To the Sound of Bagpipes and Drums...
...Lizzy and I processed into the Spokane Arena this morning, with 950 of our classmates (yeah, that was a lot of hands for Fr. Spitzer to shake). Honorary Doctor of Laws degrees were given to five people--Archbishop Brunett of Seattle, Fr. Patrick Twohy, S.J. (for his inspiring service to the Native American communities of Eastern Washington and Idaho), and three other folks for services rendered to the university (primarily monetary, I believe). Fr. Twohy gave a speech, which contained several interesting stories but the point of which I was never able to make out, and the president of the student body association gave a speech, and Fr. Spitzer gave a speech, and Archbishop Brunett gave the opening and closing "invocations", which I guess is the new fancy term for prayers.
Of these, Fr. Spitzer's speech was by far the best, in terms of cohesiveness, organization, and content...but it was an awful lot like one we've heard him give before. We think that's ok, though; if you give really excellent, impassioned speeches, it's probably all right if you've only got about five speeches that you rotate through depending on the occasion. Fr. Spitzer speeches have a lot of content, too, so it's ok to hear them more than once, like reading a good book more than once--you catch things you didn't catch last time.
For the tat-minded among you, there were of course lots of impressive academic robes--I particularly enjoyed seeing one fellow wearing Stanford's red and blue doctoral robes, which are quite different in style from the typical academic regalia, and Fr. Mossi's Doctor of Theology red velvet--and Archbishop Brunett was smartly attired in his appropriate academic attire, sans biretta but including the ferraiolo, which I'd never seen in person before. (See this page for some pictures of the ferraiolo and clerics in abito piano--academic attire.)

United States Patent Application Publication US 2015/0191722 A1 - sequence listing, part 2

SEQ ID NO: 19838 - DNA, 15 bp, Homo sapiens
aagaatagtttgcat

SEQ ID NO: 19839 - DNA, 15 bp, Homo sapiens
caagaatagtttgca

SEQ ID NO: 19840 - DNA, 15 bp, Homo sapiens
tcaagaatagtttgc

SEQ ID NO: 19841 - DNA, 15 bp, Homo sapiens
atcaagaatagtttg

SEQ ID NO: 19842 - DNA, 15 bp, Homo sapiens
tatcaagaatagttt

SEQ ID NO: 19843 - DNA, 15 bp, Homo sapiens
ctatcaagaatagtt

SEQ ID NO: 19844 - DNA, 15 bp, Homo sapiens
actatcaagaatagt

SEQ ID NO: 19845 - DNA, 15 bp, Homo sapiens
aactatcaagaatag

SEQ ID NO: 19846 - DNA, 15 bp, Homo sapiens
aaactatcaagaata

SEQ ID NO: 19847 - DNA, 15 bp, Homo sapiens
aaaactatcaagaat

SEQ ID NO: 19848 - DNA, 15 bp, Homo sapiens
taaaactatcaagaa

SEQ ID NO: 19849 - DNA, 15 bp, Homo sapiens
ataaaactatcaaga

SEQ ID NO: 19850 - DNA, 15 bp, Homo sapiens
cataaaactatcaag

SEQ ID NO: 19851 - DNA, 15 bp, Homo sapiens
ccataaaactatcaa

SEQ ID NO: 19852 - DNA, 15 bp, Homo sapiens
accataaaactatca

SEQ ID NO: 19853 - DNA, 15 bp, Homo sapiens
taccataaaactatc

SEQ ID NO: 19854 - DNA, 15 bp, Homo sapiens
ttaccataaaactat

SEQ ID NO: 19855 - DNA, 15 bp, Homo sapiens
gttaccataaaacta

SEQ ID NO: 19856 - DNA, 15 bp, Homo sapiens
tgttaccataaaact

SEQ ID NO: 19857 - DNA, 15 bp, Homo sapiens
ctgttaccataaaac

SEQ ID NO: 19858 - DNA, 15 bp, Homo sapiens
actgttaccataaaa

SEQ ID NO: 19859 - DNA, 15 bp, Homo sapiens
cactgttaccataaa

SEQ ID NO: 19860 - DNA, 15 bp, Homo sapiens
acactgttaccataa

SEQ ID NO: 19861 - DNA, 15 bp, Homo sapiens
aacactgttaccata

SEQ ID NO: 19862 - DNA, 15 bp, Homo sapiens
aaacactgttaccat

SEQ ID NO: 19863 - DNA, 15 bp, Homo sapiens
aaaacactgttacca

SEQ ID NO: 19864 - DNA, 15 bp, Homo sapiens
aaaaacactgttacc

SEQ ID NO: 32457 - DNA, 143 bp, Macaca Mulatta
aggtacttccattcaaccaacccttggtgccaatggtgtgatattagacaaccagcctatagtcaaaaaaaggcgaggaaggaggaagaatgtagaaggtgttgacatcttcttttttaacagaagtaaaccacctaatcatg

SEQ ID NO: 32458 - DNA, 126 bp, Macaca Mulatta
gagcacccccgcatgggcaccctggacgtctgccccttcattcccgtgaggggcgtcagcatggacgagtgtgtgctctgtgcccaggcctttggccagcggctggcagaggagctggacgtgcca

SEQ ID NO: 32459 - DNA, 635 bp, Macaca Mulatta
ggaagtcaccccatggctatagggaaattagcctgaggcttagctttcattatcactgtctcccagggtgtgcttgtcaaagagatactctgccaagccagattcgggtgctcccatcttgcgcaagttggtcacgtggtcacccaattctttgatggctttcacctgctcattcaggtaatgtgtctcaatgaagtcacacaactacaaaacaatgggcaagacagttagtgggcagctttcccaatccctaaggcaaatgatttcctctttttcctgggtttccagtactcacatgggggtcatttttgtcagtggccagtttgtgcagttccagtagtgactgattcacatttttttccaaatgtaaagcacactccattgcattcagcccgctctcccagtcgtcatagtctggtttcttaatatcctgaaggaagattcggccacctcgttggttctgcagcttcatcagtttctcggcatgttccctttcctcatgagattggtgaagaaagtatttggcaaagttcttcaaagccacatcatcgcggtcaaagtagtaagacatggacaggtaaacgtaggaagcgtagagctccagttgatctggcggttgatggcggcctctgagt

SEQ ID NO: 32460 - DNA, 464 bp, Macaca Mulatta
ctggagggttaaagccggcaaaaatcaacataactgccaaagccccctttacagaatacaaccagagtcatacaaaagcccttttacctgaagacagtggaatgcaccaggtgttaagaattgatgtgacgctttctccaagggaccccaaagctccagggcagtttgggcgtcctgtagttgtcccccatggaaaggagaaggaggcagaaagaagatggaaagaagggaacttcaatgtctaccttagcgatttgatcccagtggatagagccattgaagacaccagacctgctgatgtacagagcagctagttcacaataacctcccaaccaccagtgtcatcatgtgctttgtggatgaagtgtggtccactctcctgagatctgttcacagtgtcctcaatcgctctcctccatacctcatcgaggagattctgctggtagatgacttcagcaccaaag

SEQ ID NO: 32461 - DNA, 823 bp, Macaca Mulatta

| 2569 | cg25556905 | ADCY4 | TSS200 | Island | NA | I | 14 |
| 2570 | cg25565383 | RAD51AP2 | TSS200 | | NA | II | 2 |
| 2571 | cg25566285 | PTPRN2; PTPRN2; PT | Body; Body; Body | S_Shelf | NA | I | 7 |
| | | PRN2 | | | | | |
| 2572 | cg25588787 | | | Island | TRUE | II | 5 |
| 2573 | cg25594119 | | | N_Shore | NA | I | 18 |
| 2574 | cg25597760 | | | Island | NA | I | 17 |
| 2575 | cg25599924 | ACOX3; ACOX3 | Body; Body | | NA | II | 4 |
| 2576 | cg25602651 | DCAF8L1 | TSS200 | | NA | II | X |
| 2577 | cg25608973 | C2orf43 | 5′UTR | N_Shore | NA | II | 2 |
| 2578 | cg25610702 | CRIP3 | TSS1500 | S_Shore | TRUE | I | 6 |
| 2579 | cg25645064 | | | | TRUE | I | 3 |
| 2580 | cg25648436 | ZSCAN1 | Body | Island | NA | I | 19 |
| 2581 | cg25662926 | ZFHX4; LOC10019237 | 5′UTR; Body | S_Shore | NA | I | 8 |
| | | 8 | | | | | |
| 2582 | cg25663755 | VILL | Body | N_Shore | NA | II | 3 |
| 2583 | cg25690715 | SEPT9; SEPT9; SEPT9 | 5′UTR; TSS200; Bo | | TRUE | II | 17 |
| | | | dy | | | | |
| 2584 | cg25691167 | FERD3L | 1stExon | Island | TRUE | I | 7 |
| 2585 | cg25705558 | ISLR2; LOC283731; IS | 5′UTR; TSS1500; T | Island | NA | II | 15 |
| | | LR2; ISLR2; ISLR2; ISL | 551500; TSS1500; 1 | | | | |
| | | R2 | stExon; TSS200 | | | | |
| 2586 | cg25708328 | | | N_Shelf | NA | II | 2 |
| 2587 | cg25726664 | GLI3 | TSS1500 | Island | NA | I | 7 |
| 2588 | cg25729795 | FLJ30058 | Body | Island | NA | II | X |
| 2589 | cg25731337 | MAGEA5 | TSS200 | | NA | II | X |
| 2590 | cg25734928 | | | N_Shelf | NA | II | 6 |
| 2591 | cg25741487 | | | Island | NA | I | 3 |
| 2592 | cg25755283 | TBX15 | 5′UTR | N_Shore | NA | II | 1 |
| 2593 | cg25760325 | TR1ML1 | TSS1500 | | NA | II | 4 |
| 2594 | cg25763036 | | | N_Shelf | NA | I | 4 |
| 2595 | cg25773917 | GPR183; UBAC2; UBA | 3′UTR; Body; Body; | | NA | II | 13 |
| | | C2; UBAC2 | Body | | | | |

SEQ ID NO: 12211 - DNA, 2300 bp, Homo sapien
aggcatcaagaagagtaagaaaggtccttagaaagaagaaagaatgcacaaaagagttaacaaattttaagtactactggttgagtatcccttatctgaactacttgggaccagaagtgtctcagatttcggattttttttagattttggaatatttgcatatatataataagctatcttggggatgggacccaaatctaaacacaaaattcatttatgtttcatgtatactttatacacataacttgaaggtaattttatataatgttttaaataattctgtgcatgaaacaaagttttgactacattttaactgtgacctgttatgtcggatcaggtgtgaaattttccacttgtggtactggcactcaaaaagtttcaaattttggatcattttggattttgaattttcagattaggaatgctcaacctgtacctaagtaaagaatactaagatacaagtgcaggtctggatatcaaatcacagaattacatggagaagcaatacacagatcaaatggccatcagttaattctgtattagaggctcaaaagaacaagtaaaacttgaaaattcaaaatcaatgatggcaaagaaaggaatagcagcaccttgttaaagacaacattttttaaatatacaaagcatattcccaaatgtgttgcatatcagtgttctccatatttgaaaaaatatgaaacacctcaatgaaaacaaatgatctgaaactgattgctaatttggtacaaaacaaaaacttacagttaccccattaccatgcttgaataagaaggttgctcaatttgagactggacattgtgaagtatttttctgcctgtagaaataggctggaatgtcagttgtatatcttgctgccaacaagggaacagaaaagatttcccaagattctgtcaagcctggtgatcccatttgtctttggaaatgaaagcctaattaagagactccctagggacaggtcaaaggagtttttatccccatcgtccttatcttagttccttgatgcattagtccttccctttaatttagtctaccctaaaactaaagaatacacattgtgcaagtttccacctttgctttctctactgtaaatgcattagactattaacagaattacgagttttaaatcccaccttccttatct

We didn't get our actual degrees today. Those come in the mail later. Today we got nice leather covers for the degrees, which contain what amounts to an ad for the alumni association ("In case the $100k you just forked over wasn't enough, send a check to the Alumni Association!"). The walk across the stage is a bit of a blur, since, there being 952 of us, we had to move along pretty quickly. We're very proud that neither of us (both tend to be a little clumsy) tripped or fell or otherwise embarassed ourselves. We had lunch with our families afterwards at the local Irish pub which had been our hangout sophomore year. A lovely, but very tiring day.